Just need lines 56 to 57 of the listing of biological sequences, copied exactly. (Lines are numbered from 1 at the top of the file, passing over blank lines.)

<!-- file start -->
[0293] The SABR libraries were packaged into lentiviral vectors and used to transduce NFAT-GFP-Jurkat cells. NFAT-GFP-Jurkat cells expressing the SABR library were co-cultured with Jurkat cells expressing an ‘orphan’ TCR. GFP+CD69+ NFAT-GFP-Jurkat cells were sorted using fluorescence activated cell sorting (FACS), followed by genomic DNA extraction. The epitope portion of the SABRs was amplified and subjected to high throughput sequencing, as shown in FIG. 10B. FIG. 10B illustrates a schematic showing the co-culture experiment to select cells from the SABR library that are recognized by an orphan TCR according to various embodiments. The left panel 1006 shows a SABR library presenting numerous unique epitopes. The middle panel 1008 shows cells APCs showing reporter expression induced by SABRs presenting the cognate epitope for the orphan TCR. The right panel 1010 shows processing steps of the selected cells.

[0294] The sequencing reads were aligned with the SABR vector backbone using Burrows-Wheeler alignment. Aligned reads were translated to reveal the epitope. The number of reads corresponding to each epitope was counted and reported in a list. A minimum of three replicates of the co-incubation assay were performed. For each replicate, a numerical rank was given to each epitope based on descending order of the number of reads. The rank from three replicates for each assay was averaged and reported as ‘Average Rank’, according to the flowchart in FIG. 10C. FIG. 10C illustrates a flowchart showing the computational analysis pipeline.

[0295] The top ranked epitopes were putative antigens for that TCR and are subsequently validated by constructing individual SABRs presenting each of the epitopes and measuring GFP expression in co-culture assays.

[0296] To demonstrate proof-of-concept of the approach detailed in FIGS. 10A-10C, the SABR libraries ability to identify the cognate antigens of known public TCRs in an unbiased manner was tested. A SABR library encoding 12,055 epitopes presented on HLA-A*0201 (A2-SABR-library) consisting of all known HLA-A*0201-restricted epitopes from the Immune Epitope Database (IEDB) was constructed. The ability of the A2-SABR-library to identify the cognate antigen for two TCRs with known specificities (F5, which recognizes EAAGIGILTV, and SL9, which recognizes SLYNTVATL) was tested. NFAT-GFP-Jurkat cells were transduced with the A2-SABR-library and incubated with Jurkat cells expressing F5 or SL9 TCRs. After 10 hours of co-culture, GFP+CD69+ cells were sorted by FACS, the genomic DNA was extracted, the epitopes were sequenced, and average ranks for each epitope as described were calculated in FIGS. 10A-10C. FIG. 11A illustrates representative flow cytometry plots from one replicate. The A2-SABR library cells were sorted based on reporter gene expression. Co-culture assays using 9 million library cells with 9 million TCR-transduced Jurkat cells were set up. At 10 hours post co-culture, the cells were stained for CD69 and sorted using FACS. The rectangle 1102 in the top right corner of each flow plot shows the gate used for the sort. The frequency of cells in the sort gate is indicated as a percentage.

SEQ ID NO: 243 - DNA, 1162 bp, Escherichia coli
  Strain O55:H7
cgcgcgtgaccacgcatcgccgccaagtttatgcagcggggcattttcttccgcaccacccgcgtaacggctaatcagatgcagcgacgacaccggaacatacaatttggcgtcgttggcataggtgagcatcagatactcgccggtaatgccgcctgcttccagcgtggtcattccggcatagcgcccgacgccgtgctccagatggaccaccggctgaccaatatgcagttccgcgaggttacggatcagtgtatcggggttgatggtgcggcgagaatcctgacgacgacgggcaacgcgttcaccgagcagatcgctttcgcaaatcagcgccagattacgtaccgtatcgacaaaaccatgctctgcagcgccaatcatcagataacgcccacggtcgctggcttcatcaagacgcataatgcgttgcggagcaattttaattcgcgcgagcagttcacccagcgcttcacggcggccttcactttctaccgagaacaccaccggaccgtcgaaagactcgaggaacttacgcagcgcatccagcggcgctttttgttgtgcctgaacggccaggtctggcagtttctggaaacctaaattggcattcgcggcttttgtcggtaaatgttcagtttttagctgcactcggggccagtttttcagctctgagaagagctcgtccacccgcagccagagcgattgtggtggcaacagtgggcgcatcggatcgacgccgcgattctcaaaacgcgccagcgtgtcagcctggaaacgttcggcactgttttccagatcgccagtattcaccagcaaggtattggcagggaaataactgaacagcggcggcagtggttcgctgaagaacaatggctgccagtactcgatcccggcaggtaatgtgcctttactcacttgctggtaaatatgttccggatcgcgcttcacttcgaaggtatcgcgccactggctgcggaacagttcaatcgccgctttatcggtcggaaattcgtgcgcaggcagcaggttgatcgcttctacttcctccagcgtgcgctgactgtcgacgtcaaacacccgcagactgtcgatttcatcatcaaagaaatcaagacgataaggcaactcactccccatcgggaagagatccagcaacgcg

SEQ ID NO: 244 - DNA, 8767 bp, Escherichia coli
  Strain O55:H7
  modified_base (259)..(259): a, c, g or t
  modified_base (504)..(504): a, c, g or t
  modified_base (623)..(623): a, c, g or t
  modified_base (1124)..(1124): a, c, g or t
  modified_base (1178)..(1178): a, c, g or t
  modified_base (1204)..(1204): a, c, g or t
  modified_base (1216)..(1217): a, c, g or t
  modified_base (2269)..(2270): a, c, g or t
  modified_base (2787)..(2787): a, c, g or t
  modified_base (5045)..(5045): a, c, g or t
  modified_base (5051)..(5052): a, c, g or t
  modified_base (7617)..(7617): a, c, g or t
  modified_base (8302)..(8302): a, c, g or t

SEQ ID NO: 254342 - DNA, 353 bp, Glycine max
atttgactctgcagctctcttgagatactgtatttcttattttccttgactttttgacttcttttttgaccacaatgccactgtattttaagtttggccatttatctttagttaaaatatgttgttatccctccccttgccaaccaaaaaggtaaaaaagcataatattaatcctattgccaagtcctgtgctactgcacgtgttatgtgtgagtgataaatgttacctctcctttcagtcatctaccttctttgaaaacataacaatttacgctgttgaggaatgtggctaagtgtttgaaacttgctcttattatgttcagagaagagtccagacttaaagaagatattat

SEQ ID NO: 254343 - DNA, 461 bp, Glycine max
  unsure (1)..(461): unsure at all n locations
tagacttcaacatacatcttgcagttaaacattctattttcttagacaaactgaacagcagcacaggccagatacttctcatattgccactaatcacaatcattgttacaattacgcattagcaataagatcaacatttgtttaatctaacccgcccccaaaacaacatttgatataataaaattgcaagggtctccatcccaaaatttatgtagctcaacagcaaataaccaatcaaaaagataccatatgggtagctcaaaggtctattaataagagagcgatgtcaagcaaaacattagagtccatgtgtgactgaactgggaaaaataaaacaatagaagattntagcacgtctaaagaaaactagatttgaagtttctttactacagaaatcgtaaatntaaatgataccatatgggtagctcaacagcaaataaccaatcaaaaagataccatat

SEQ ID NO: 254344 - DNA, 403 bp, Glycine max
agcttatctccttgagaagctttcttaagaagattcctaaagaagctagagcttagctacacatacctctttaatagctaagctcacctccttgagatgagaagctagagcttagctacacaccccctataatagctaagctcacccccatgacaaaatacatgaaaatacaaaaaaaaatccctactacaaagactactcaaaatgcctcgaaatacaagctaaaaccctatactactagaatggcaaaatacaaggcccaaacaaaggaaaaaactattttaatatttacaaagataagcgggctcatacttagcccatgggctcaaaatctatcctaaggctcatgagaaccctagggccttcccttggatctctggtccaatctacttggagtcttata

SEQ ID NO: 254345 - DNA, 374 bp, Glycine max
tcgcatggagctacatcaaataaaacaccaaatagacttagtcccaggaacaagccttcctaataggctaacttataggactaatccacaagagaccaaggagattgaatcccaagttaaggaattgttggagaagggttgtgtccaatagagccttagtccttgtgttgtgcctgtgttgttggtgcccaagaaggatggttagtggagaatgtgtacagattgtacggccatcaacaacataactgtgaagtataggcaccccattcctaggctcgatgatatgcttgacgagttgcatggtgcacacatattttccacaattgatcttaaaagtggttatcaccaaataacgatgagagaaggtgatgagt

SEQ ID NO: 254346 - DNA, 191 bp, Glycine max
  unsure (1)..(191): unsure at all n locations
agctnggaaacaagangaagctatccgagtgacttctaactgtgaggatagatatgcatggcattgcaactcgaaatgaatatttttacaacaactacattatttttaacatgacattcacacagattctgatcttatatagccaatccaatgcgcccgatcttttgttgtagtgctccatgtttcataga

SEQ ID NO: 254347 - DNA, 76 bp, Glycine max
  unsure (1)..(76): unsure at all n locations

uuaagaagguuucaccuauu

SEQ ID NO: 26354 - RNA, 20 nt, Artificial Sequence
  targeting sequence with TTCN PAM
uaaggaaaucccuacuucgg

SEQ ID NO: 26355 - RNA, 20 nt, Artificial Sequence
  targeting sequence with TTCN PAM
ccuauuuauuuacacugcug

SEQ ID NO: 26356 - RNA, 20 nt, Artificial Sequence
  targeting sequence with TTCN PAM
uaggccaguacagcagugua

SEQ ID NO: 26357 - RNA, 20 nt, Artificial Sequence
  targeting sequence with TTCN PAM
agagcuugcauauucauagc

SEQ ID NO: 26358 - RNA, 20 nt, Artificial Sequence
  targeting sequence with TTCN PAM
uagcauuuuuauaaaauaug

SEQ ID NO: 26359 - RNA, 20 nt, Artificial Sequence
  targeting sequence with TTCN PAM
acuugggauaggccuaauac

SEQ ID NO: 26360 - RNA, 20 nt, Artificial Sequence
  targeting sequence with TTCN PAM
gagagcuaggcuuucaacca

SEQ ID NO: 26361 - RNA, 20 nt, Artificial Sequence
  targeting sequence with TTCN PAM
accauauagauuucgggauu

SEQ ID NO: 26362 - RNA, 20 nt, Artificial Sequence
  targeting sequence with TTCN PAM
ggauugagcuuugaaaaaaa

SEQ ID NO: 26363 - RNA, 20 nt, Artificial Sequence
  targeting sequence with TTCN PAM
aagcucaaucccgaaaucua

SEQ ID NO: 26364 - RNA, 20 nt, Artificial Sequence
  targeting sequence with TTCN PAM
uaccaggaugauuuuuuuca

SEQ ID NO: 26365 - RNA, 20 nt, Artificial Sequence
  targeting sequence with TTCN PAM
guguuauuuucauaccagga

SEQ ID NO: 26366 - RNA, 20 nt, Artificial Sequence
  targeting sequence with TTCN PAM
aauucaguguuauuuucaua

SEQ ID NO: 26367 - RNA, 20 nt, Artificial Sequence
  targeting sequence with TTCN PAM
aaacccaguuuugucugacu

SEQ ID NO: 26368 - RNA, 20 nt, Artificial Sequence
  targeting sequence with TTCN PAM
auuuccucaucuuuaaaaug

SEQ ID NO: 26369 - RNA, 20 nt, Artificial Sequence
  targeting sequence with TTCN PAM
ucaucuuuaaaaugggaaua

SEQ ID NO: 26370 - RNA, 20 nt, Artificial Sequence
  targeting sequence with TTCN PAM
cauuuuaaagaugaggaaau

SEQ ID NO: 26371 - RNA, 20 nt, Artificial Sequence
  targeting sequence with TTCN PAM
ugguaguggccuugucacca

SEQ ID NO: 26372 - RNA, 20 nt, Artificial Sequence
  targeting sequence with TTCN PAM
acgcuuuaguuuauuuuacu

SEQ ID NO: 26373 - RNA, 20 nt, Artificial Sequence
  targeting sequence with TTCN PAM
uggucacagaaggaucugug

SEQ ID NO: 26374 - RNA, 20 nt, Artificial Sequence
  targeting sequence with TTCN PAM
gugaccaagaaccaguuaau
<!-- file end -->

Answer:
SEQ ID NO: 26360 - RNA, 20 nt, Artificial Sequence
  targeting sequence with TTCN PAM